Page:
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Title: Equity of access to health care : case studies in primary care and coronary artery surgery
Author: Leung, Wai-Ching.
Awarding Body: University of East Anglia
Current Institution: University of East Anglia
Date of Award: 2002
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Equity of access to health care was the founding aim of the NHS and a recent White Paper on NHS reforms re-emphasised its importance. This thesis consists of two contrasting studies on equity of access using individual patients as units of analysis. The main objective of the first study was to examine the equity of access to primary care services including GP consultation, out-of-hour services and referral to specialist services. The study involved secondary analysis of patient questionnaire data from a national survey. The objectives of the second study were to examine the equity of access to coronary artery surgery in one health district among those who underwent coronary angiography, and to examine whether the waiting time for coronary artery surgery was correlated with clinical need. It involved retrospective collection of data from medical records using the New Zealand Priority scores as an indicator of need. The first study showed that the following patient groups subjectively experienced disadvantages in several aspects of primary care services:- younger people, those with poor subjective physical and mental health, females, non-whites, residents in Inner London and those in paid work or full-time education. The possible reasons for these findings were discussed. It was recommended that the delivery of primary care services should take into account these results and that further research should be conducted into the extent and nature of differential patient expectation amongst different patient groups. The second study did not show any significant inequity of access to coronary artery surgery according to sex, age, smoking status and socio-economic status. However, there was little correlation between clinical need and waiting time for coronary artery surgery. These results informed subsequent development of cardiology and cardiac surgery services in the health district. The methodologies used in these two studies were compared and contrasted.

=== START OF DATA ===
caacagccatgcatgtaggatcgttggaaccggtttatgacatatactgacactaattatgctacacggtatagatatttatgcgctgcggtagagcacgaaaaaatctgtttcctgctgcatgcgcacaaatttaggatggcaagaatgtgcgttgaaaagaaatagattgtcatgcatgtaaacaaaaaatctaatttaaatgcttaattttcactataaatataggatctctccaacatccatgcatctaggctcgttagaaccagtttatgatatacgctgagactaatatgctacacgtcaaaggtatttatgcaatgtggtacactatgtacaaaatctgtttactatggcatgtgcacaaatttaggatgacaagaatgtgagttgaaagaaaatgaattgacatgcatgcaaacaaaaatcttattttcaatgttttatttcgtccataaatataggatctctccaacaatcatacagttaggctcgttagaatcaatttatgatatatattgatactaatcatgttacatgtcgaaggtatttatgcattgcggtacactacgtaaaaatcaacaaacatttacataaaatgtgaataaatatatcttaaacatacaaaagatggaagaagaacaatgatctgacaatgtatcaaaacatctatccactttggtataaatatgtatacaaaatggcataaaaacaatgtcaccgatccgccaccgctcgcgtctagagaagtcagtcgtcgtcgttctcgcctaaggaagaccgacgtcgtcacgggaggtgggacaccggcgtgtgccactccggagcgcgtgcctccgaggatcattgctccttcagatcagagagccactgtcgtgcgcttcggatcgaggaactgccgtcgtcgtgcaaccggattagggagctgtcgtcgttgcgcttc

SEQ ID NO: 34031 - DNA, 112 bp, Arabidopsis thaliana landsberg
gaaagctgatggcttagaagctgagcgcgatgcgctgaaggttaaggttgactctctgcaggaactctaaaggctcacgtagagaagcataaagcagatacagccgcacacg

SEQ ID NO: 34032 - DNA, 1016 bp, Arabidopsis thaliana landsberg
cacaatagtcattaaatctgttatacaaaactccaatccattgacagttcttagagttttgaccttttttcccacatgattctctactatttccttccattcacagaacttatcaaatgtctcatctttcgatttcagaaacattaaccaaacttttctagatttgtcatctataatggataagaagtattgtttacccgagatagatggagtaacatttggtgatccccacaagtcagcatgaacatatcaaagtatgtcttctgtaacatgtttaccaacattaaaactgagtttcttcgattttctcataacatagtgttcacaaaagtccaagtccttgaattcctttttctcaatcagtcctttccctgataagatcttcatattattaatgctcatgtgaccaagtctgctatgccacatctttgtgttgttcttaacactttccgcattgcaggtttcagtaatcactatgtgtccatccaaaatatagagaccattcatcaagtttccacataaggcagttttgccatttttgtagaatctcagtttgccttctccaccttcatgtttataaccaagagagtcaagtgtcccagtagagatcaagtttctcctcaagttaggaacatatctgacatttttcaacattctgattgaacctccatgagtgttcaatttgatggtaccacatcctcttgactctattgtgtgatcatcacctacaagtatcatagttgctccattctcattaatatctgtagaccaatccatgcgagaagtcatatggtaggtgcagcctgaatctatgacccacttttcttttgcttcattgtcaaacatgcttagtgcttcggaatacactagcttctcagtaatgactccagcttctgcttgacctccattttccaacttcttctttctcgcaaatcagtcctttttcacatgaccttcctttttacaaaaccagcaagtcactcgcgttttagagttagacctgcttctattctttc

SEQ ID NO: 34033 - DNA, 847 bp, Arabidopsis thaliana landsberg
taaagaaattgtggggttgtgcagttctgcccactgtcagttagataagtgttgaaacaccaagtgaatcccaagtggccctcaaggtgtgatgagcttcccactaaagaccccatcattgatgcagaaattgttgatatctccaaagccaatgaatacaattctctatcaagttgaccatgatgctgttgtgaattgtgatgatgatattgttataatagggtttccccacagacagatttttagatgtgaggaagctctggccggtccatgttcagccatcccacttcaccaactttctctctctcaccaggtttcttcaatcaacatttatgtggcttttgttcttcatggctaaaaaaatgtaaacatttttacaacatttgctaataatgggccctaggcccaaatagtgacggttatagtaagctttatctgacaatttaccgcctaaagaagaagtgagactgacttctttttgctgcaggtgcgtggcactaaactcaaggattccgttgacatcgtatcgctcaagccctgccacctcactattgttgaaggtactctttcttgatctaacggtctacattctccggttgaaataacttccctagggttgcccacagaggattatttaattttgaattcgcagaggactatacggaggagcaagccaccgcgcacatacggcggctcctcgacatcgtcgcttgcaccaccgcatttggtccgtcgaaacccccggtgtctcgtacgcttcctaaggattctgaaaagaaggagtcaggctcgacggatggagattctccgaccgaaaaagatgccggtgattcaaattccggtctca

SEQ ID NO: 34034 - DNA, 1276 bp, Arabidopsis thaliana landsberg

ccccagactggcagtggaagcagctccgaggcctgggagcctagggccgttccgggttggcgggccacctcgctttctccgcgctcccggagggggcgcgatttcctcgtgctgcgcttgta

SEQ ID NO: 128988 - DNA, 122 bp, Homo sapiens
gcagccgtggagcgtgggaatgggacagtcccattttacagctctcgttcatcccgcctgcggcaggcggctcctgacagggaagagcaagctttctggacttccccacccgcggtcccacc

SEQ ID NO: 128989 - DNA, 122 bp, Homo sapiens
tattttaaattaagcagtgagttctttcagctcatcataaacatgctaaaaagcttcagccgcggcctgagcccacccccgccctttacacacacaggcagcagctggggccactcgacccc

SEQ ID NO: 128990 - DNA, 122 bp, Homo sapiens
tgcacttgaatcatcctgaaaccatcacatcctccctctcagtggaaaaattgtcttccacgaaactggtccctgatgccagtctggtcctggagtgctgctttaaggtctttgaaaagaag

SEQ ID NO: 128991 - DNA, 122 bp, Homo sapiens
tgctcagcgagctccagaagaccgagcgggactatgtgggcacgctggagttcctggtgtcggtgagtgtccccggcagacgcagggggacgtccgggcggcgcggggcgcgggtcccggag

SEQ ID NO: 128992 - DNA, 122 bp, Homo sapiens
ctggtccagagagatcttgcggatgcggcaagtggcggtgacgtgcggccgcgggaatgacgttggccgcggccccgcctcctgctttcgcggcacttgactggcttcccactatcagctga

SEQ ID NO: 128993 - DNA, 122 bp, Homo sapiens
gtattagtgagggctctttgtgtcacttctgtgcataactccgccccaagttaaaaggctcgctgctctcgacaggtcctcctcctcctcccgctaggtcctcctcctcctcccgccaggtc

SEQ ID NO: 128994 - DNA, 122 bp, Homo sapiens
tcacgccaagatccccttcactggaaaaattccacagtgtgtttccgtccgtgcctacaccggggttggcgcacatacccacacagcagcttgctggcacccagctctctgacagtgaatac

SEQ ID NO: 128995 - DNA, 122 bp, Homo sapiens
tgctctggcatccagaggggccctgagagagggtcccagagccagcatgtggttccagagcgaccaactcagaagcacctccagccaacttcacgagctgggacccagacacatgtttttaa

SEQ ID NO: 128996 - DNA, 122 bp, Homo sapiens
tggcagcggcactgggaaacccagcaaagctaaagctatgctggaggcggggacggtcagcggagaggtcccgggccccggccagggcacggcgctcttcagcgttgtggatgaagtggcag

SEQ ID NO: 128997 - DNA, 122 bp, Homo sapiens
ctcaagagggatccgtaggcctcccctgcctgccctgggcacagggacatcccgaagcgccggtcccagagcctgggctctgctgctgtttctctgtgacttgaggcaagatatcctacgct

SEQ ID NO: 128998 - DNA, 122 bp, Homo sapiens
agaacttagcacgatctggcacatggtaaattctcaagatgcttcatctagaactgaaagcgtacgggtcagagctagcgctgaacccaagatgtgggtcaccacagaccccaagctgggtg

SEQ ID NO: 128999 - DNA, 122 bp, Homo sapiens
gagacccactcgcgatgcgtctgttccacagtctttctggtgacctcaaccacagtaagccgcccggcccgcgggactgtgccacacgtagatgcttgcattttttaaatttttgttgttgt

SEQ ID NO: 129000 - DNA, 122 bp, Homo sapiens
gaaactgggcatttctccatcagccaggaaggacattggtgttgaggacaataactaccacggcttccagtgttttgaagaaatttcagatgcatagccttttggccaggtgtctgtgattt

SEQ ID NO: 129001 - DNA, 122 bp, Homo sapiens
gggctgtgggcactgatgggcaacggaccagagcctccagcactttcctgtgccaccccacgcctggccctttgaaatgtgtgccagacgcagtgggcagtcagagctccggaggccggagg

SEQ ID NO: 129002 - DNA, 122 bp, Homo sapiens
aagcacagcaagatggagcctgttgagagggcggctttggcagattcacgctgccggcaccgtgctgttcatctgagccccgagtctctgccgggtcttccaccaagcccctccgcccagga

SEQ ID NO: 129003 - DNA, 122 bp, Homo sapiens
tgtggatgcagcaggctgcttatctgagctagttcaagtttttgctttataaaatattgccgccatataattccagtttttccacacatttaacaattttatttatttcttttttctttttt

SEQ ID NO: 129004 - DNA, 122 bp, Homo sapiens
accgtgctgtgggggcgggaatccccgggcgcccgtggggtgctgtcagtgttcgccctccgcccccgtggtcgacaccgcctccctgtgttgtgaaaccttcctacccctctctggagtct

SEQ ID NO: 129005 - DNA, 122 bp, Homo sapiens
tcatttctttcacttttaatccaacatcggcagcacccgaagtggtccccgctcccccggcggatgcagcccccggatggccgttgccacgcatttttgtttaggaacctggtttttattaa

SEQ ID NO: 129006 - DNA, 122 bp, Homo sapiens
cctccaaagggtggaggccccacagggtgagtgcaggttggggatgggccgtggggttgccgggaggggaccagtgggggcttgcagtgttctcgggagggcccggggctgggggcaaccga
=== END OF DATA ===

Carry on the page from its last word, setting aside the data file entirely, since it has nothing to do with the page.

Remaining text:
Supervisor: Not available Sponsor: Not available
Qualification Name: Thesis (Ph.D.) Qualification Level: Doctoral
EThOS ID:  DOI: Not available
Keywords: NHS reform Medical care Medicine